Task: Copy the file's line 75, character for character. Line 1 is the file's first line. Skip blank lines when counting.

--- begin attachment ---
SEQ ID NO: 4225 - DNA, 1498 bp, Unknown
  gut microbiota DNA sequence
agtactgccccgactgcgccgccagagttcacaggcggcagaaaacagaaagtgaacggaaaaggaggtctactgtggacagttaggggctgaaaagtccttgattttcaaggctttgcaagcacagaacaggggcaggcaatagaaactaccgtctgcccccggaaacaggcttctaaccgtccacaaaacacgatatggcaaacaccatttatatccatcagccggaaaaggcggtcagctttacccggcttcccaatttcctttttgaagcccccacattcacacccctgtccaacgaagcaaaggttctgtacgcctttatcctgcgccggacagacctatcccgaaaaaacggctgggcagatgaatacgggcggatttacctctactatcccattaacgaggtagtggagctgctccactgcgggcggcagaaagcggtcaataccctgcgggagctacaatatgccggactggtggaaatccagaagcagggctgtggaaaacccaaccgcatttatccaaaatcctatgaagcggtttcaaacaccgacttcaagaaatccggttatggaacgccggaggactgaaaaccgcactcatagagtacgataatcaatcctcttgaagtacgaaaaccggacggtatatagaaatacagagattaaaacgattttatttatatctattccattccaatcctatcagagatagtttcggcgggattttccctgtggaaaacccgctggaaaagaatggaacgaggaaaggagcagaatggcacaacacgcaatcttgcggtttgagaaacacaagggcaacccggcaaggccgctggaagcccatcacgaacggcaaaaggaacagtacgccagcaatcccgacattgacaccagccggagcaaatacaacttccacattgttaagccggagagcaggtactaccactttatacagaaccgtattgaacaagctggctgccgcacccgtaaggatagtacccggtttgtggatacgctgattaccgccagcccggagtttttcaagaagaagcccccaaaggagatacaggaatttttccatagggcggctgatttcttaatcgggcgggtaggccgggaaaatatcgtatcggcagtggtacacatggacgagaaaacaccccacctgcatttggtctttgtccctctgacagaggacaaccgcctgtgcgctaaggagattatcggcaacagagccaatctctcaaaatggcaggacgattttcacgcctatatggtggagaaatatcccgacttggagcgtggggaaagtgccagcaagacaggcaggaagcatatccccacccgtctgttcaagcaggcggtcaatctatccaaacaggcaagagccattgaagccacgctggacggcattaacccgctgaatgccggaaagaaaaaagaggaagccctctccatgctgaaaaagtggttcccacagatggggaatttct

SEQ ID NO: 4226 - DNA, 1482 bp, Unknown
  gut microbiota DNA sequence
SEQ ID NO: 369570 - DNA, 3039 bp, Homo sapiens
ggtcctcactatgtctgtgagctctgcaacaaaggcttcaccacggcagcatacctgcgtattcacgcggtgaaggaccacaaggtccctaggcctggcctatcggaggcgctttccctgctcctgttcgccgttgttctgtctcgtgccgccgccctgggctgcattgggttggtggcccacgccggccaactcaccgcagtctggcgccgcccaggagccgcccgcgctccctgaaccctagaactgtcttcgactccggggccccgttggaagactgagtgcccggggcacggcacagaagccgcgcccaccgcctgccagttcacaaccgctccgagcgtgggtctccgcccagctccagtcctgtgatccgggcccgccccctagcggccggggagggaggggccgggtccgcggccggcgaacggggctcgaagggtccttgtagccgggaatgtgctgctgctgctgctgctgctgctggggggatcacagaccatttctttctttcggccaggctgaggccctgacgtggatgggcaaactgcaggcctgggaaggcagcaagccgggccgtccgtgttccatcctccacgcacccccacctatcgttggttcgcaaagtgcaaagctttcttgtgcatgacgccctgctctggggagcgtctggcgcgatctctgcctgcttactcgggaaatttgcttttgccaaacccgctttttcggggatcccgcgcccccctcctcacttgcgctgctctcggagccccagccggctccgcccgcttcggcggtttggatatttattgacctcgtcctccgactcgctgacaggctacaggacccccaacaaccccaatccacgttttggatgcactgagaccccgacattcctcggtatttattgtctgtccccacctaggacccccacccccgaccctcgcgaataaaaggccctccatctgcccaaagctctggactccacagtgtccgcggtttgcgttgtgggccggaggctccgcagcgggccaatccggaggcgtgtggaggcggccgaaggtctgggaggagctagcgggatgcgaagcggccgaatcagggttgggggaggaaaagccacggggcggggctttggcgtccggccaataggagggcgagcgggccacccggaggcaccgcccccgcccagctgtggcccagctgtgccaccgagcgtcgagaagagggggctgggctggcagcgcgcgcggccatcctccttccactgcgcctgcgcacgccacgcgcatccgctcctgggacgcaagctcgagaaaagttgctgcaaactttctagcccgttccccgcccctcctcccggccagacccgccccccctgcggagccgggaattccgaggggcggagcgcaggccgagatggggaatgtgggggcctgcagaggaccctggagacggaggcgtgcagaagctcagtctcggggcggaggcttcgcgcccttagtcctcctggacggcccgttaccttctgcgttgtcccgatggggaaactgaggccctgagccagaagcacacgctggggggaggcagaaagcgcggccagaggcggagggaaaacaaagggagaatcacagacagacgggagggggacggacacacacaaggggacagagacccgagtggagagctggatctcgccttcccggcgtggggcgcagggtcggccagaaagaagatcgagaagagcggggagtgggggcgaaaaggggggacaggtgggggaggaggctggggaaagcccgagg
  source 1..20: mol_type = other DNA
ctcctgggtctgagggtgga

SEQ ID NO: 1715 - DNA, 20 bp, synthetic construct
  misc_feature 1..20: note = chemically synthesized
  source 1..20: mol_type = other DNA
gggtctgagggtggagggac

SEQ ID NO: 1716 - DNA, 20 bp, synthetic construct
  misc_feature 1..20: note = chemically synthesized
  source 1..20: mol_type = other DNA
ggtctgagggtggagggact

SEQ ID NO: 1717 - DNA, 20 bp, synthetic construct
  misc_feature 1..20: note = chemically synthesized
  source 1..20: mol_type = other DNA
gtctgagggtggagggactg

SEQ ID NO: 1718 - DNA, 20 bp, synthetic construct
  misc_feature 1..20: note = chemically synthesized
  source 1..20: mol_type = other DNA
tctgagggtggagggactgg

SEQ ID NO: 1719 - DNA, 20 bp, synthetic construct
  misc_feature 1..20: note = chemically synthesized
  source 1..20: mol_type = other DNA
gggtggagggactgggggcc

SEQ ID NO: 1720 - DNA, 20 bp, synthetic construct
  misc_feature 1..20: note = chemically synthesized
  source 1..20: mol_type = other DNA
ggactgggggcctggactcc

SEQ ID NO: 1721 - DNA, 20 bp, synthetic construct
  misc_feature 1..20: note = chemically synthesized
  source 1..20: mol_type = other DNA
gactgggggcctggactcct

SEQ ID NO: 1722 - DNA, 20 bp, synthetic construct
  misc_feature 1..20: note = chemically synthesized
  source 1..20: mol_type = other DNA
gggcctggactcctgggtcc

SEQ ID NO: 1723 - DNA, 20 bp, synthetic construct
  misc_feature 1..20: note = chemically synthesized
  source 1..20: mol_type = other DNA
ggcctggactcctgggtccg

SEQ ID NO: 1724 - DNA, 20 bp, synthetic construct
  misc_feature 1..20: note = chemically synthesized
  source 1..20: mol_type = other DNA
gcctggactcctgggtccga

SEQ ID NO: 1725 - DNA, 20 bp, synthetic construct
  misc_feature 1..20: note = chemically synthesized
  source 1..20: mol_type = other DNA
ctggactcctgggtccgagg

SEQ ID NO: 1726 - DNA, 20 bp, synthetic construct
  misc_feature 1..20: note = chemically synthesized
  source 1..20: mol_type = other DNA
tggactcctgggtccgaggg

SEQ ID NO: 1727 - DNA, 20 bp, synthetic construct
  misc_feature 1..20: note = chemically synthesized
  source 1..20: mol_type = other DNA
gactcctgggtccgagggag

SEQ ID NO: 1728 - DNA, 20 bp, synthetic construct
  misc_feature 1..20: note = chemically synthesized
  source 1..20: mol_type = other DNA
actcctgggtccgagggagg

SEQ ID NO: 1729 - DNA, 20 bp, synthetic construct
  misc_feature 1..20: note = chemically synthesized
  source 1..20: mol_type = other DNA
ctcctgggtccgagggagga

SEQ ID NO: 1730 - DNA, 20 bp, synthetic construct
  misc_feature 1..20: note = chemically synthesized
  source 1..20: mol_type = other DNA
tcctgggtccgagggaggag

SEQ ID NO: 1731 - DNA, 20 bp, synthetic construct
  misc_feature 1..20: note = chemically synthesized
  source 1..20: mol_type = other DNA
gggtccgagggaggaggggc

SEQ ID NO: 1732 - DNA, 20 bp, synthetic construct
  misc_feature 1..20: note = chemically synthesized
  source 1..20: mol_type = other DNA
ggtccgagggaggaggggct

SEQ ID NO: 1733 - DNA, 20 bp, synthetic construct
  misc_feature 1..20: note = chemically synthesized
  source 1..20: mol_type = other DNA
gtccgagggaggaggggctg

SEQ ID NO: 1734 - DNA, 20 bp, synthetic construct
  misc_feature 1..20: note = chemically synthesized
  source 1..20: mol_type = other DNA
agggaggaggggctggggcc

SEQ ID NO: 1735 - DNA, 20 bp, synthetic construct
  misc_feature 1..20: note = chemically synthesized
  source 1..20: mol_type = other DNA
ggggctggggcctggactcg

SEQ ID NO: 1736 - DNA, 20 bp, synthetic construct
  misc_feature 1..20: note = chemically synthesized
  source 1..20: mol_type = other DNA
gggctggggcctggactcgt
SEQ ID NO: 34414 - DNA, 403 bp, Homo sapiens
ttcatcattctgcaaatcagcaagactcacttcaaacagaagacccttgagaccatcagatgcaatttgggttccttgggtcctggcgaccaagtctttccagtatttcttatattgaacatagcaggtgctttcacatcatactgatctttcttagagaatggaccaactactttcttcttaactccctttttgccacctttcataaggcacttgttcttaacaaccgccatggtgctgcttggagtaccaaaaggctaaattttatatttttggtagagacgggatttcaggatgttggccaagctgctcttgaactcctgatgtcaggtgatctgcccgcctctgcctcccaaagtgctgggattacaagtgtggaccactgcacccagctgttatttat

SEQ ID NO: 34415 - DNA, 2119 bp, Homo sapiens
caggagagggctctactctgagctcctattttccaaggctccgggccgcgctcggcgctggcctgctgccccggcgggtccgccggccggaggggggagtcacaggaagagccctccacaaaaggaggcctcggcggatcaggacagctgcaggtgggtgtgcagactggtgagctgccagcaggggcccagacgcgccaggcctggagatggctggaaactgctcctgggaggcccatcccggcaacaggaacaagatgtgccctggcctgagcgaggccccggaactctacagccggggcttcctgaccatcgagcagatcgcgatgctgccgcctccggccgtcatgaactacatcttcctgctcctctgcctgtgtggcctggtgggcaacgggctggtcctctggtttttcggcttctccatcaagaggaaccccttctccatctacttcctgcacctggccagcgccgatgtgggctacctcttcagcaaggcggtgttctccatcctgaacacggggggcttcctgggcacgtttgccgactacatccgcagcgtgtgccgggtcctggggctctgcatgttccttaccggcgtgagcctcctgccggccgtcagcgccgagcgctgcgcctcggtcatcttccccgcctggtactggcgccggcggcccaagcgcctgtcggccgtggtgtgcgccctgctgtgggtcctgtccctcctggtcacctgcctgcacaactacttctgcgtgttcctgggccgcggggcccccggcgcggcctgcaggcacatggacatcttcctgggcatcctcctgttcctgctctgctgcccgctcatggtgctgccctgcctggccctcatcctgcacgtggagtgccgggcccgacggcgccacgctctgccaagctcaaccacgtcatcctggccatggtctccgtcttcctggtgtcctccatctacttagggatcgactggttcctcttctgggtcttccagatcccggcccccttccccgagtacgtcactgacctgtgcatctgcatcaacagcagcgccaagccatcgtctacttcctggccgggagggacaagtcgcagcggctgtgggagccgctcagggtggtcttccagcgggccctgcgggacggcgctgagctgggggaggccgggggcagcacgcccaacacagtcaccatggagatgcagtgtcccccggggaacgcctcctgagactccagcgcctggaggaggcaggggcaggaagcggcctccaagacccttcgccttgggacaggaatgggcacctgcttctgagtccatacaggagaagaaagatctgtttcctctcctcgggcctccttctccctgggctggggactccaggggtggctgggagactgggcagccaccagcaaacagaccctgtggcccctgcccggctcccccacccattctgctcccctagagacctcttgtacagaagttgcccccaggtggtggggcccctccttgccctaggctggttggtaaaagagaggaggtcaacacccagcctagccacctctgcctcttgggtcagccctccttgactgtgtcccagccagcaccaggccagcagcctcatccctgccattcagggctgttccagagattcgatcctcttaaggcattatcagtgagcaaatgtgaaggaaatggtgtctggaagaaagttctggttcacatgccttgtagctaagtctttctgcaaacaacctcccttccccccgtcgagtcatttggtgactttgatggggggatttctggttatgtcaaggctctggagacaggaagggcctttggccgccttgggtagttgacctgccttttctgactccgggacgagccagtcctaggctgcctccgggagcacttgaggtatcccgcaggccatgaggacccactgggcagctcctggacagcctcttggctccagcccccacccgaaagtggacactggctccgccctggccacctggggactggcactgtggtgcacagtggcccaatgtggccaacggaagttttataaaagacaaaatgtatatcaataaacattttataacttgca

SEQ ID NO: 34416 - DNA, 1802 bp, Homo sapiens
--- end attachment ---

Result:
  misc_feature 1..20: note = chemically synthesized